A jury summons is not something most people look forward to receiving in the mail. However, jury duty is an important civic responsibility that helps keep our justice system going. Criminal defendants and parties to personal injury lawsuits depend on juries in Miami every day. So, while spending a day or more at the courthouse might not be your first choice of activities, your attendance and participation are mandatory if you are summoned.
Now, in Florida, if you are over 18 and have a state driver’s license or identification card, you are on the list of potential jurors. You may be called for jury duty once per year, and service typically lasts for one day, unless you are placed on a trial. But, note that federal jury service and state jury service are separate. This means that you could be called for both in the same year.
Keep in mind that a jury summons is an official order from the court. It’s critical that you don’t ignore this notice or you could face fines and be held in contempt of court. That said, there are legal reasons that can excuse you from service. But, it’s always best to let the court know as soon as possible rather than simply not showing up.
Penalties for Not Showing Up to Jury Duty in Miami, FL
Under Florida law, there is a $100 penalty for failure to participate in jury service without an excuse. You may also be held in contempt of court. Contempt means that you are found to have refused to obey a legal order issued by a judge.
Note that contempt charges require you to appear before the court on what is called an Order to Show Cause. At the hearing, you will have an opportunity to explain why you skipped jury duty. The court may then order you to serve on a new date, pay a fine, perform community service, and in serious cases, serve jail time.
Although rare, jail may be appropriate in instances where you failed to respond to several notices and/or orders from the court.
Qualifications for Jury Duty in Florida
Now, by law, you are only required to serve as a juror in Florida if you meet the following requirements:
- You are over 18 years of age
- You are a US citizen
- You are a resident of a county where you were summoned, and
- You are not a felon or currently being prosecuted for a crime.
However, if you are a convicted felon but have had your civil rights restored, you would be eligible to serve.
Jury Duty Exemptions in Florida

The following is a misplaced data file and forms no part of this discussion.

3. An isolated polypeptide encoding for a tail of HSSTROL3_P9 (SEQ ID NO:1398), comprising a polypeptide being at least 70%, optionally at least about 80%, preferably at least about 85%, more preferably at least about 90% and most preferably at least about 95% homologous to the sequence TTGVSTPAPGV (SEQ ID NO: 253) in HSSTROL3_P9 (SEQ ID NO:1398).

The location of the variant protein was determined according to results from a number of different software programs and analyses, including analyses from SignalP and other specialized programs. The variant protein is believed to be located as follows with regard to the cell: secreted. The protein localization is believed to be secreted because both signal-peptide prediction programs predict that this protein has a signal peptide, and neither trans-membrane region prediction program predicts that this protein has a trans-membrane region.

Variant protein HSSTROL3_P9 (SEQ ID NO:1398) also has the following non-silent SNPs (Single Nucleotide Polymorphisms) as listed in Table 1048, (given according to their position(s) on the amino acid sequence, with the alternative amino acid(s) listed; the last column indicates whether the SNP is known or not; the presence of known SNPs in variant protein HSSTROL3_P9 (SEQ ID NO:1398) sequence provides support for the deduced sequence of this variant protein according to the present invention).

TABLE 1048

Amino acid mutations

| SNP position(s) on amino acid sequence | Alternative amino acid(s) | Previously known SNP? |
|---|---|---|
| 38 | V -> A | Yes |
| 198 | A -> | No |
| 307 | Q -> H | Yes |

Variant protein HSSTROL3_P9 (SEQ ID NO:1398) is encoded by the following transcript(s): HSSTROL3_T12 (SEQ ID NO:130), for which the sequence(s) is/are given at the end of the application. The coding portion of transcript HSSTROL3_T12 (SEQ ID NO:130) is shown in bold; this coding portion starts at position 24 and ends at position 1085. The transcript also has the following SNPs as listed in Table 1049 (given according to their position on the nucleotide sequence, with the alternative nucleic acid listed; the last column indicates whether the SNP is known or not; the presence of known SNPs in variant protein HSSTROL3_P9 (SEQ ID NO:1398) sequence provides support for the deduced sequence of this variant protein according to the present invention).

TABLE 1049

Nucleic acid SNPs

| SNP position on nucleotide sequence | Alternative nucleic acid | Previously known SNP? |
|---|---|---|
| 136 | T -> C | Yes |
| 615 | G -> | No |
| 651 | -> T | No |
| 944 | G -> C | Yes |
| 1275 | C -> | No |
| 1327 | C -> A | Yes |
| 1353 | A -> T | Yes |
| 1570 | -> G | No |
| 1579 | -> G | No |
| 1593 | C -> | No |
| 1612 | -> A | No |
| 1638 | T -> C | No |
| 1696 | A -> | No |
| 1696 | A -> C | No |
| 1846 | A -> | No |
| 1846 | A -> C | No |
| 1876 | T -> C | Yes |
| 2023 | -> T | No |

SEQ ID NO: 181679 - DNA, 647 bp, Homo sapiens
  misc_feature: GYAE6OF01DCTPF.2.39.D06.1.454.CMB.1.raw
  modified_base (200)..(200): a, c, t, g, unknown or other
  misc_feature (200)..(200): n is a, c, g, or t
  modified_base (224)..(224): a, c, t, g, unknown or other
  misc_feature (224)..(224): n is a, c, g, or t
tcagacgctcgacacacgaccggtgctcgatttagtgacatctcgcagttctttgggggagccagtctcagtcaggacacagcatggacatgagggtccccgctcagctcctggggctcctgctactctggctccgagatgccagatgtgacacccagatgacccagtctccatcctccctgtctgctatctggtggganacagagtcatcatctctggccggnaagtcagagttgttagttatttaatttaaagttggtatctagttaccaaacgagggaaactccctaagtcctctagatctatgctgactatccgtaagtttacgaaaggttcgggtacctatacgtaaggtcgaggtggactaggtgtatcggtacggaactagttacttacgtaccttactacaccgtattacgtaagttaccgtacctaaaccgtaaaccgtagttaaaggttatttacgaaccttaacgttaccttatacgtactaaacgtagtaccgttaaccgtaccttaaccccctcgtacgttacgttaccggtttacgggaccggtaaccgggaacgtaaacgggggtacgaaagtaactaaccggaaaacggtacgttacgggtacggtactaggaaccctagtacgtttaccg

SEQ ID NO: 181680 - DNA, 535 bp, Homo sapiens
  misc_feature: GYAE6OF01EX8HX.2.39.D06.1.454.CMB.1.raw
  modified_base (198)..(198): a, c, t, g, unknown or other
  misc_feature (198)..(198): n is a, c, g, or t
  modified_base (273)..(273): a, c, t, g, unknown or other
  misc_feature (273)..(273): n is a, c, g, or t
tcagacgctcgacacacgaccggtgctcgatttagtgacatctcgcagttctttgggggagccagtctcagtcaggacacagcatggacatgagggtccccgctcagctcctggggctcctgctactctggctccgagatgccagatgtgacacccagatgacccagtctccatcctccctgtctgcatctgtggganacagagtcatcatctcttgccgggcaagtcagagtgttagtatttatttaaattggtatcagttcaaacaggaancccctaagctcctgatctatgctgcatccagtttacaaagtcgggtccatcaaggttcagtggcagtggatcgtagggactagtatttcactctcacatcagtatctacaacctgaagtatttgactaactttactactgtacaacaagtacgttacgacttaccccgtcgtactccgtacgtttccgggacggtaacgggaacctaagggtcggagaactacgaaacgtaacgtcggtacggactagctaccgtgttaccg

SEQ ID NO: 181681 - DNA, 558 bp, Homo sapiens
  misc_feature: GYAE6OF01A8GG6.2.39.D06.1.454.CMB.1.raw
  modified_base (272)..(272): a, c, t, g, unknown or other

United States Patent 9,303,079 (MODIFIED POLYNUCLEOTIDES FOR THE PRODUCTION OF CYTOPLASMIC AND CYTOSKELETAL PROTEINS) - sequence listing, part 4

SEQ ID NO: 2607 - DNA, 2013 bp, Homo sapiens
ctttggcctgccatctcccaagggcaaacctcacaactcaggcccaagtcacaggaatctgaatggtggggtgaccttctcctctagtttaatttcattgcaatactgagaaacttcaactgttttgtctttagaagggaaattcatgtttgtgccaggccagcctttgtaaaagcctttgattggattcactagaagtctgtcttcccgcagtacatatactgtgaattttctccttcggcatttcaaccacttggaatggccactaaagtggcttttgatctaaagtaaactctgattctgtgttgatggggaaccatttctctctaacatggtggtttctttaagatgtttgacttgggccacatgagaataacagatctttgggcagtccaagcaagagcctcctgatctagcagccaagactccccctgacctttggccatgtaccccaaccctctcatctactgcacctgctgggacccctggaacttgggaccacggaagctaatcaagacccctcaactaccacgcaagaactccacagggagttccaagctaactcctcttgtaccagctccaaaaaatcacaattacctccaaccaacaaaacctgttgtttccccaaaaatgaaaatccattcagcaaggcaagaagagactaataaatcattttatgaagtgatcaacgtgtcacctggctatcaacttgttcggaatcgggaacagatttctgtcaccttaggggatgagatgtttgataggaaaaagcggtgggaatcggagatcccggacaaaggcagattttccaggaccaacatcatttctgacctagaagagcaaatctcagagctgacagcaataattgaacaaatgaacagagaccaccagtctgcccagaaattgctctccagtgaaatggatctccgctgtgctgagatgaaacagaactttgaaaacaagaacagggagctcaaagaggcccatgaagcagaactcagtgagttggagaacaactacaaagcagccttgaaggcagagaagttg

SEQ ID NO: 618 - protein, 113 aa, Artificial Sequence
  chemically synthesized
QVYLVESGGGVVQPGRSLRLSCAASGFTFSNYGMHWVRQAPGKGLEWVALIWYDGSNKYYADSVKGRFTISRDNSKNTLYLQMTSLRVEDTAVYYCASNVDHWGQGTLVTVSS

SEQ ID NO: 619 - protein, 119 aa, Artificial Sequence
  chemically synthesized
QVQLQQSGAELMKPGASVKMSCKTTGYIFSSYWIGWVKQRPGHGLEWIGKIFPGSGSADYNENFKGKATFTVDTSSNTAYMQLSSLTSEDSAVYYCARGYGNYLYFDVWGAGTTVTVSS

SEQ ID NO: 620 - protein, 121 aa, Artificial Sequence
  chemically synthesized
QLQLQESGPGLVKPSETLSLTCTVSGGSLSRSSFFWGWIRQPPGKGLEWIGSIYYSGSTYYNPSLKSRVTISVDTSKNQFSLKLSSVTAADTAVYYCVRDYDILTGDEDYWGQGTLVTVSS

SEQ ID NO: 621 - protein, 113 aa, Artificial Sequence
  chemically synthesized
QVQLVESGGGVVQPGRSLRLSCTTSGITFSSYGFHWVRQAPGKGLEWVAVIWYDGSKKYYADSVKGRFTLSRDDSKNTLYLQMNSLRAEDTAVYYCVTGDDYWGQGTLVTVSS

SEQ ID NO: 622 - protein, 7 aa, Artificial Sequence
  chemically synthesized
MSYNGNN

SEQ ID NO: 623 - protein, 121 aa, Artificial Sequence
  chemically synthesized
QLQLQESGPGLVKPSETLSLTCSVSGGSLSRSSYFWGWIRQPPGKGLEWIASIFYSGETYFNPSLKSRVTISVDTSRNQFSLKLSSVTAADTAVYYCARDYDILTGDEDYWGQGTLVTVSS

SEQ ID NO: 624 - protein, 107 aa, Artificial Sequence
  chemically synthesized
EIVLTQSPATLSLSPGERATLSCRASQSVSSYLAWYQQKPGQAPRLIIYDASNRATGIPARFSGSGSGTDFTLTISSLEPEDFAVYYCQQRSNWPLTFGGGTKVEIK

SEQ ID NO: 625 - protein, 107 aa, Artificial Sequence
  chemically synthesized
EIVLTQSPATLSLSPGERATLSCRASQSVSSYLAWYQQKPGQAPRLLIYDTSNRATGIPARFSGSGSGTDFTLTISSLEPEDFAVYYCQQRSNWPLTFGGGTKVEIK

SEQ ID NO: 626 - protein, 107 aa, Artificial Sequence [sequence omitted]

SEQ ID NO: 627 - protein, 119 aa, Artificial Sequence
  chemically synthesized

In some cases, even those that are eligible for jury duty may be exempt from service. Being considered exempt means that you are allowed to serve if you want to, but you are not legally required to.
If you meet any of the following criteria you would be classified as exempt:
- You are over 70 years old
- You are an expectant mother
- You are not employed full-time and are responsible for the care of children under 6 or infirmed family members
- You are full-time law enforcement or an investigator
- You attend school out of county/state
- You are in the military out of county/state, or
- You already did jury duty in the county within the last year (excluding federal court).
Bear in mind that you are not considered exempt if English is not your primary language. In this case, you could request a court interpreter.
Further, concern over losing your job is also not a valid excuse. It’s against the law in Florida for employers to take action against you for serving on a jury. If you are salaried, your employer may even be required to pay you during this time. Finally, the court won’t excuse you for financial hardships or difficulty traveling to the courthouse.
Postponing Jury Service in Miami
Even if you don’t have a valid excuse to skip jury duty, you may instead be able to postpone the date of service. Every person summoned is entitled to one postponement, and you may defer your service for up to six months. This can be a convenient option if you have an important event planned or a vacation coming up.
Responding to the Jury Summons If You Live in Miami-Dade County
Whether you plan to serve on the date you are called, or wish to seek exemption or postponement, it’s important that you don’t ignore the summons. Once this document comes in the mail, you must follow the instructions. You will be required to click on the E-juror link on the Miami-Dade County court website. You will then be asked to complete a questionnaire.
In the questionnaire, you will have the opportunity to either request a postponement or indicate why you do not qualify or should be excused. If you are able to serve, you must log in to E-juror or call the Clerk’s office on the Friday before your jury service. This is to confirm the correct time for you to arrive, which is subject to change. If there are severe weather conditions, like a tropical storm, it’s always a good idea to call to confirm that you are still expected to show up.